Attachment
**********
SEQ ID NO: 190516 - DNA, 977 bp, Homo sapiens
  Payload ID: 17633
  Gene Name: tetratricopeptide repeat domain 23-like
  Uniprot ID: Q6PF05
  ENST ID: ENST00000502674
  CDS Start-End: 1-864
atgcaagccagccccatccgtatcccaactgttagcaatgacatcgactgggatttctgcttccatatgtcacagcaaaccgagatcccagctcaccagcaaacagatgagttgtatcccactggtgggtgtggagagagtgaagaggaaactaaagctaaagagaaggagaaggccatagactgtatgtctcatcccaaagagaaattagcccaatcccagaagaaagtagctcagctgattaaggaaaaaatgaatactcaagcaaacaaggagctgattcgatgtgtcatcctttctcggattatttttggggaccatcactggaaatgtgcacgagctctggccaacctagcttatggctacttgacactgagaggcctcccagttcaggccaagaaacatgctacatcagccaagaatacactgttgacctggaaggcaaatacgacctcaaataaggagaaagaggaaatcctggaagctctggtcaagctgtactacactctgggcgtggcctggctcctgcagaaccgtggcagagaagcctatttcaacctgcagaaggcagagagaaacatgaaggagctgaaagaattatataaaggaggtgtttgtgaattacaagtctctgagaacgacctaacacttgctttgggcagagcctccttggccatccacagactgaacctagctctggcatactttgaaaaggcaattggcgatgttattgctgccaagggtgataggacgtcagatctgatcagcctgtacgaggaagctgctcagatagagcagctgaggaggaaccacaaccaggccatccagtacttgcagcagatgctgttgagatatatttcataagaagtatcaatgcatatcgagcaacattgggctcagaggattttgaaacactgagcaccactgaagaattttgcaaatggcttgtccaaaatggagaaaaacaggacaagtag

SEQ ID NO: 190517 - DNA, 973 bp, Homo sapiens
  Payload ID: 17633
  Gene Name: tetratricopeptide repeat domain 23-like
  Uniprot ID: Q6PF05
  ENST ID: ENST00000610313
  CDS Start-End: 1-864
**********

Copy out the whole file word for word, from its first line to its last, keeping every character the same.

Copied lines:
SEQ ID NO: 190516 - DNA, 977 bp, Homo sapiens
  Payload ID: 17633
  Gene Name: tetratricopeptide repeat domain 23-like
  Uniprot ID: Q6PF05
  ENST ID: ENST00000502674
  CDS Start-End: 1-864
atgcaagccagccccatccgtatcccaactgttagcaatgacatcgactgggatttctgcttccatatgtcacagcaaaccgagatcccagctcaccagcaaacagatgagttgtatcccactggtgggtgtggagagagtgaagaggaaactaaagctaaagagaaggagaaggccatagactgtatgtctcatcccaaagagaaattagcccaatcccagaagaaagtagctcagctgattaaggaaaaaatgaatactcaagcaaacaaggagctgattcgatgtgtcatcctttctcggattatttttggggaccatcactggaaatgtgcacgagctctggccaacctagcttatggctacttgacactgagaggcctcccagttcaggccaagaaacatgctacatcagccaagaatacactgttgacctggaaggcaaatacgacctcaaataaggagaaagaggaaatcctggaagctctggtcaagctgtactacactctgggcgtggcctggctcctgcagaaccgtggcagagaagcctatttcaacctgcagaaggcagagagaaacatgaaggagctgaaagaattatataaaggaggtgtttgtgaattacaagtctctgagaacgacctaacacttgctttgggcagagcctccttggccatccacagactgaacctagctctggcatactttgaaaaggcaattggcgatgttattgctgccaagggtgataggacgtcagatctgatcagcctgtacgaggaagctgctcagatagagcagctgaggaggaaccacaaccaggccatccagtacttgcagcagatgctgttgagatatatttcataagaagtatcaatgcatatcgagcaacattgggctcagaggattttgaaacactgagcaccactgaagaattttgcaaatggcttgtccaaaatggagaaaaacaggacaagtag

SEQ ID NO: 190517 - DNA, 973 bp, Homo sapiens
  Payload ID: 17633
  Gene Name: tetratricopeptide repeat domain 23-like
  Uniprot ID: Q6PF05
  ENST ID: ENST00000610313
  CDS Start-End: 1-864